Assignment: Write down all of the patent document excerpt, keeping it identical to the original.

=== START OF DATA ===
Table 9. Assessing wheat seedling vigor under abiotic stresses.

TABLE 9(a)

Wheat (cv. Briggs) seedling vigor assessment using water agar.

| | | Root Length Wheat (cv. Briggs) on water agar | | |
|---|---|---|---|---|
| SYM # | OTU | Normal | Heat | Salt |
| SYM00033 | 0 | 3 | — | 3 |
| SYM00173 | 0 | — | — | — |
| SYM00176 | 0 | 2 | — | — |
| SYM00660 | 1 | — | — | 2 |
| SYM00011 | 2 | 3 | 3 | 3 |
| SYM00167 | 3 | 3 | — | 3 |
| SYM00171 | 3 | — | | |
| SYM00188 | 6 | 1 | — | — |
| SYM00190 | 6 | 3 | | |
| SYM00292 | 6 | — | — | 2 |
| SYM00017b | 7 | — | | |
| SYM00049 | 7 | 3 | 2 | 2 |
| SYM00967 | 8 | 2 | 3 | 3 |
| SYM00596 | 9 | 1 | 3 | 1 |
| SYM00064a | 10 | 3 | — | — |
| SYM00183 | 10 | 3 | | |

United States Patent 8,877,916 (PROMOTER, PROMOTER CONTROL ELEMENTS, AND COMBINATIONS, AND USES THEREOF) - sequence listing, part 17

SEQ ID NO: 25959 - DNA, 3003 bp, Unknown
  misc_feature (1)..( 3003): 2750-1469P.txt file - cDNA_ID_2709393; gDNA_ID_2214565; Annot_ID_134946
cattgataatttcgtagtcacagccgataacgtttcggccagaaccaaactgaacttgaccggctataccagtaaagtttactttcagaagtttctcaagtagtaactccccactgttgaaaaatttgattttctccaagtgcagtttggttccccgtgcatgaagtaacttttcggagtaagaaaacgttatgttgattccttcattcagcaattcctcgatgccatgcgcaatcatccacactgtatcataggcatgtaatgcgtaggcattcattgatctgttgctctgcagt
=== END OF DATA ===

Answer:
Table 9. Assessing wheat seedling vigor under abiotic stresses.

TABLE 9(a)

Wheat (cv. Briggs) seedling vigor assessment using water agar.

| | | Root Length Wheat (cv. Briggs) on water agar | | |
|---|---|---|---|---|
| SYM # | OTU | Normal | Heat | Salt |
| SYM00033 | 0 | 3 | — | 3 |
| SYM00173 | 0 | — | — | — |
| SYM00176 | 0 | 2 | — | — |
| SYM00660 | 1 | — | — | 2 |
| SYM00011 | 2 | 3 | 3 | 3 |
| SYM00167 | 3 | 3 | — | 3 |
| SYM00171 | 3 | — | | |
| SYM00188 | 6 | 1 | — | — |
| SYM00190 | 6 | 3 | | |
| SYM00292 | 6 | — | — | 2 |
| SYM00017b | 7 | — | | |
| SYM00049 | 7 | 3 | 2 | 2 |
| SYM00967 | 8 | 2 | 3 | 3 |
| SYM00596 | 9 | 1 | 3 | 1 |
| SYM00064a | 10 | 3 | — | — |
| SYM00183 | 10 | 3 | | |

United States Patent 8,877,916 (PROMOTER, PROMOTER CONTROL ELEMENTS, AND COMBINATIONS, AND USES THEREOF) - sequence listing, part 17

SEQ ID NO: 25959 - DNA, 3003 bp, Unknown
  misc_feature (1)..( 3003): 2750-1469P.txt file - cDNA_ID_2709393; gDNA_ID_2214565; Annot_ID_134946
cattgataatttcgtagtcacagccgataacgtttcggccagaaccaaactgaacttgaccggctataccagtaaagtttactttcagaagtttctcaagtagtaactccccactgttgaaaaatttgattttctccaagtgcagtttggttccccgtgcatgaagtaacttttcggagtaagaaaacgttatgttgattccttcattcagcaattcctcgatgccatgcgcaatcatccacactgtatcataggcatgtaatgcgtaggcattcattgatctgttgctctgcagt